Numerous descendants of enslaved laborers also spoke to the personal significance of the memorial. One of the descendants, Carol Malone — a descendant of Peyton Skipwith, an enslaved laborer at the University who was freed in 1833 — discussed what it was like to see her family members’ names on the Memorial to Enslaved Laborers.
“On behalf of the descendants of Mr. Peyton Skipwith, seeing his name on the Memorial for Enslaved Laborers fills my heart with pride and sadness,” Malone said. “We are proud of you, Peyton Skipwith, and we love you. Your spirit brought us together.”
Malone spoke to Skipwith’s love for education and his family and his skill as a stonemason when cutting stones that were used in the construction of University buildings until 1833. In 2017, the University dedicated Skipwith Hall — located on the same grounds as the quarry Skipwith worked in while enslaved — in his honor.
Third-year College Jayla Hart and fourth-year College student Salem Zelalem from FLUX Poetry and Spoken Word at U.Va. then performed the poem “My Serpentine.”
Deteasa Gathers, a Charlottesville resident and co-chair of the Descendants of Enslaved Communities Leadership Group, discussed how she learned more about herself through her work developing the memorial. Gathers also stressed the importance of making sure that descendants “continue to have a place at the table.”
“I want the next brown girl like me to understand that they come from people that are resilient, people that worked hard, people that labored for this community and not just the University of Virginia,” Gathers said. “This is why it is important to continue this story.”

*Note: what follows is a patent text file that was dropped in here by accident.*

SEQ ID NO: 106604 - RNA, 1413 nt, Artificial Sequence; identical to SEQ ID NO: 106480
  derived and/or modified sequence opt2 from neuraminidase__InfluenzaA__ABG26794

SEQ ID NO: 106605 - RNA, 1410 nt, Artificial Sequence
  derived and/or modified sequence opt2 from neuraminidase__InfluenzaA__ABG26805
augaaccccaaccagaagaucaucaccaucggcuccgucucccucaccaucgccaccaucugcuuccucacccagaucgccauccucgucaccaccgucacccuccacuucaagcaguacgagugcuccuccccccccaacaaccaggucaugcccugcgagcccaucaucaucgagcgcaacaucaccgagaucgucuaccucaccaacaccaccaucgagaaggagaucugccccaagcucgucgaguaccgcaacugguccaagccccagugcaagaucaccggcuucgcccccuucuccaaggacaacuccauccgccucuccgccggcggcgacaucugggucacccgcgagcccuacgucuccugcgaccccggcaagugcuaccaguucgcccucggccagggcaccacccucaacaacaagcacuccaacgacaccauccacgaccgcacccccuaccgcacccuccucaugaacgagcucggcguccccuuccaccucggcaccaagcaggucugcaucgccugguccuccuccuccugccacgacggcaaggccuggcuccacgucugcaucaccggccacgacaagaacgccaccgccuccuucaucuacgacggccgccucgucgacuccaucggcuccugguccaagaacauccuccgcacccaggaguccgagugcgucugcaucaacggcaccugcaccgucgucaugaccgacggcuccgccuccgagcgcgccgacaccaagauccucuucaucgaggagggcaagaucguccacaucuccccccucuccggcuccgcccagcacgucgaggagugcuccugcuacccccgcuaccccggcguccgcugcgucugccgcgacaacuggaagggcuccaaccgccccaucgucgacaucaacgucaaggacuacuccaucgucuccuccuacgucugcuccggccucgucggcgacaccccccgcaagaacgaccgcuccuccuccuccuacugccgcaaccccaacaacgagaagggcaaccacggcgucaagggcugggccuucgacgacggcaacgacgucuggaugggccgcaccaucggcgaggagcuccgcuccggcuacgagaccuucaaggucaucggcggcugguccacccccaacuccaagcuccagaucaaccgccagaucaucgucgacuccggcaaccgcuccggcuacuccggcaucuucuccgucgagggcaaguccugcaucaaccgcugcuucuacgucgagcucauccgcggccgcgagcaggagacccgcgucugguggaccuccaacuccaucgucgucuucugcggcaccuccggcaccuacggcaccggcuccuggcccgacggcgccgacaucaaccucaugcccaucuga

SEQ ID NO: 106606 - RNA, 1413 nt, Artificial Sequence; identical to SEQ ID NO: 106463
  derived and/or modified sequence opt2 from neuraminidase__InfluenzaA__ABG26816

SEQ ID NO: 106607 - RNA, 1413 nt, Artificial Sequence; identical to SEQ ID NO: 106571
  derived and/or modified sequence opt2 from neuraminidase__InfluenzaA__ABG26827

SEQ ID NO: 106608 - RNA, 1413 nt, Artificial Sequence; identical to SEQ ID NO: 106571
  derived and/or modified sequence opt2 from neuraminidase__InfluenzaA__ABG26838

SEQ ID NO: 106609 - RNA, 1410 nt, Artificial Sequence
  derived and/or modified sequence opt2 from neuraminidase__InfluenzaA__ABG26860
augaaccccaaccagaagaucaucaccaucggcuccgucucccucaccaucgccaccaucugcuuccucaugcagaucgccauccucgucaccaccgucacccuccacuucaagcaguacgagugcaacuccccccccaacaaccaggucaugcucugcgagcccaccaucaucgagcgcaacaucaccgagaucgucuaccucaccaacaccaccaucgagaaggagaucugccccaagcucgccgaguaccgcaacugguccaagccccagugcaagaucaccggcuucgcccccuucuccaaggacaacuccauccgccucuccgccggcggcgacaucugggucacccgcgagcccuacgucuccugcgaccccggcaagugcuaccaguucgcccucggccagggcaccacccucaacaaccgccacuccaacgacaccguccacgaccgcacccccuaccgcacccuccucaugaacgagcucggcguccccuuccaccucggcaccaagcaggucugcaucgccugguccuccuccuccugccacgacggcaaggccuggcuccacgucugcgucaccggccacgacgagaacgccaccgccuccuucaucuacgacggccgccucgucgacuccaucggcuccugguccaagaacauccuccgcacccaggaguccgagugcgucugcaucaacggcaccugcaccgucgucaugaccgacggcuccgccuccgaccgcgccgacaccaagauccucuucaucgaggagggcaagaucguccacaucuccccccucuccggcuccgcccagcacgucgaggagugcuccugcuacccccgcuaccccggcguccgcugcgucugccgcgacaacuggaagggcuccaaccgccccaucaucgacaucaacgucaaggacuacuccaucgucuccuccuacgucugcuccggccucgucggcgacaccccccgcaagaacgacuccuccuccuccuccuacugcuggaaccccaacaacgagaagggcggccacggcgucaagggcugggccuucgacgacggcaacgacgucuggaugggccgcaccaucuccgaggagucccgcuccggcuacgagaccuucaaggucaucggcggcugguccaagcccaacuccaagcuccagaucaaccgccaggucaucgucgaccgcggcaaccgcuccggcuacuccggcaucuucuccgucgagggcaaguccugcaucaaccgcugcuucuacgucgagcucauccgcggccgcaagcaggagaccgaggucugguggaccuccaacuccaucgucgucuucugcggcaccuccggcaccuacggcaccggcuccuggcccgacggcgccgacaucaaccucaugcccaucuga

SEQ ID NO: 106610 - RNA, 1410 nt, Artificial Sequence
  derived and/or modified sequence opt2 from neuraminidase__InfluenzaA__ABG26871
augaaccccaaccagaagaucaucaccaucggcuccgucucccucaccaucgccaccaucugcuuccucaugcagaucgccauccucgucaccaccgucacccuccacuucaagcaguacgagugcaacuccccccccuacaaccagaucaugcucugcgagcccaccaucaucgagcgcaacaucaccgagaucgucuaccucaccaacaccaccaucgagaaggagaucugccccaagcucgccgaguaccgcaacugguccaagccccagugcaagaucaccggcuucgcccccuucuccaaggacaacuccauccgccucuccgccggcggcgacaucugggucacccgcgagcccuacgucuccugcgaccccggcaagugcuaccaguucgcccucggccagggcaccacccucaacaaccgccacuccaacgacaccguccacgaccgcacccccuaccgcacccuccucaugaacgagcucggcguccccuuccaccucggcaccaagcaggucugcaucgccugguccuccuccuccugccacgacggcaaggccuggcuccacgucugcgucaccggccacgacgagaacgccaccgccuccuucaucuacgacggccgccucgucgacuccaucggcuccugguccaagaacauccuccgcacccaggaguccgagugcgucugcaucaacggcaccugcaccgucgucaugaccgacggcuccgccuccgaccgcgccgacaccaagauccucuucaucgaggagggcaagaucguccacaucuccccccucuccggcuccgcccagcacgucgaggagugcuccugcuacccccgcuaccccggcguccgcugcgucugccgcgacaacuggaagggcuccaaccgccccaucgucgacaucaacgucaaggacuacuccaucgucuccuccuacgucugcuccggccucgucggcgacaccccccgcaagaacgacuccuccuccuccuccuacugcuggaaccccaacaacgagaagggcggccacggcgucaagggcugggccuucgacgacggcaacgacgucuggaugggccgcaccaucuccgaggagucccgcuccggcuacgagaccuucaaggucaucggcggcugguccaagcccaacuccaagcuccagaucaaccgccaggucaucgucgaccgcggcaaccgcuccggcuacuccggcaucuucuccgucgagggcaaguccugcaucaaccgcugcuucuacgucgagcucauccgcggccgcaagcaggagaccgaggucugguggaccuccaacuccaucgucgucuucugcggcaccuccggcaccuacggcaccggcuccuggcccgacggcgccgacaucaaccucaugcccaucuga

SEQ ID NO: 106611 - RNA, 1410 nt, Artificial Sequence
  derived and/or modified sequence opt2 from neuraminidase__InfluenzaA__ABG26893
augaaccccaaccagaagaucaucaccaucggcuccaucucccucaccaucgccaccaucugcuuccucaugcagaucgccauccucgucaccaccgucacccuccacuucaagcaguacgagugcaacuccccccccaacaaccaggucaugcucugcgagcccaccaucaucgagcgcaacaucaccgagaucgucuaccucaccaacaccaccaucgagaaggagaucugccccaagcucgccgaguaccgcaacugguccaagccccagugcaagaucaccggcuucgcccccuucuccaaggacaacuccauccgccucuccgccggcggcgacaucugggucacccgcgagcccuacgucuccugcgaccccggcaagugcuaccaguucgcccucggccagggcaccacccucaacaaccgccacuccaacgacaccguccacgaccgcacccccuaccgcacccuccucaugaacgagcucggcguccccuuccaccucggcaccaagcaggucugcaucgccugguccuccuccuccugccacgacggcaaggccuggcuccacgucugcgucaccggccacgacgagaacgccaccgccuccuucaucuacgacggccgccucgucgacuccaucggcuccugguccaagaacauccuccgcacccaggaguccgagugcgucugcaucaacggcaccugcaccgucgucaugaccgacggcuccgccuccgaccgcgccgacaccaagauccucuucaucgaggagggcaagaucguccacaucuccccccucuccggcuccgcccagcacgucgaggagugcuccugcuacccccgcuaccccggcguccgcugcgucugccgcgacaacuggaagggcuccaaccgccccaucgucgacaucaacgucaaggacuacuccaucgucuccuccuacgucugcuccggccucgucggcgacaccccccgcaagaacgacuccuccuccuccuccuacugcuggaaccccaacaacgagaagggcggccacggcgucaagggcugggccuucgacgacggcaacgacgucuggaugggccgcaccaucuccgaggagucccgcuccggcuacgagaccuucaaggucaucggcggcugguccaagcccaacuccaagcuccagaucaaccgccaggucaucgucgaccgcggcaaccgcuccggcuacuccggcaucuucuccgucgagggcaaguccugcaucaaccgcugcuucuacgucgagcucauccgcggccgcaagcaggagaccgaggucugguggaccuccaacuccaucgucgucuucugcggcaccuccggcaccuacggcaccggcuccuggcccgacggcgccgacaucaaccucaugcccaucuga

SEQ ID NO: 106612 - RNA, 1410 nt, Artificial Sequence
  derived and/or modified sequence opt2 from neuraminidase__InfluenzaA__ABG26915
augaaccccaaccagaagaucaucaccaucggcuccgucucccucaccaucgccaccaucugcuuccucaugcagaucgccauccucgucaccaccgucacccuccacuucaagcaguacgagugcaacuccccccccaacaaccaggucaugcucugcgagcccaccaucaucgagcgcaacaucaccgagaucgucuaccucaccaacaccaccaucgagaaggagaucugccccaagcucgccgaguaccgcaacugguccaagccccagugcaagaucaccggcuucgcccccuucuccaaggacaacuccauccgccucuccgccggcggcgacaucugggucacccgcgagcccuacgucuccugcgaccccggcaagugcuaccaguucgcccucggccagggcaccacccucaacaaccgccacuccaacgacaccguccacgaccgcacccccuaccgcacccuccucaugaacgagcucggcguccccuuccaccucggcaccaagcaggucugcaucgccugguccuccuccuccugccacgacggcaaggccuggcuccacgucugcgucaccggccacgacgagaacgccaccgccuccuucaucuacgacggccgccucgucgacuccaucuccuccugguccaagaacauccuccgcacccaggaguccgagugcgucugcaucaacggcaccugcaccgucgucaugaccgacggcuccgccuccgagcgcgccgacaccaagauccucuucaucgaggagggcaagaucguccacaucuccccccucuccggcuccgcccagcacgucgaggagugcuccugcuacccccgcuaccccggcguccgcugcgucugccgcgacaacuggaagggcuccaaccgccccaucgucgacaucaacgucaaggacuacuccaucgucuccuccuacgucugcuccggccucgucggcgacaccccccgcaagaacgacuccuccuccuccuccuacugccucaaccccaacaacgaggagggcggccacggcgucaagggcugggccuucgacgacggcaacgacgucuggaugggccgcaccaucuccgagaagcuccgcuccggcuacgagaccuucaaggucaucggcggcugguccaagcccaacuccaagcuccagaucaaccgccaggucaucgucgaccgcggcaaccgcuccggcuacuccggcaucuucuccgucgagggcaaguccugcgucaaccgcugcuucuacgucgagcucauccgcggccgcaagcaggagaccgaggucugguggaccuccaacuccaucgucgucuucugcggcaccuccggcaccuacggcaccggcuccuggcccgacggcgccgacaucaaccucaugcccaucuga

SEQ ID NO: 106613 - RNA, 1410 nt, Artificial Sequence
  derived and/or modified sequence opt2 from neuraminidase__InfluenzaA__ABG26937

Gathers introduced Bertha French, co-chair of the Descendants of Enslaved Communities Leadership Group and Class of 1990 alumna. French — a descendant of enslaved laborers — shared her family history, which she has uncovered through oral histories and archival research. French highlighted the important work that descendant communities nationwide are doing in researching and reclaiming the narratives of free and enslaved laborers.
“Descended communities are highlighting the foundational rule race based slavery, white supremacy and colonial systems played in building many of our nation's institutions, including our current systems of finance, education, health care and housing,” French said.
As a part of their work, the DEC at U.Va. locates and reunites descendants of free and enslaved Black communities who worked at the University. Forty descendants have been identified to date.
“The DEC at U.Va. sees the University of Virginia as an African American historic site built by the 4,000-plus enslaved laborers identified through University-led archival research and whose biographies continue to be unearthed by our organization,” French said. “The University literally would not be here were it not for our ancestors.”
To conclude the dedication ceremony, the Chapman Grove Baptist Church Choir performed “Lift Every Voice and Sing” as the known names of enslaved laborers were displayed.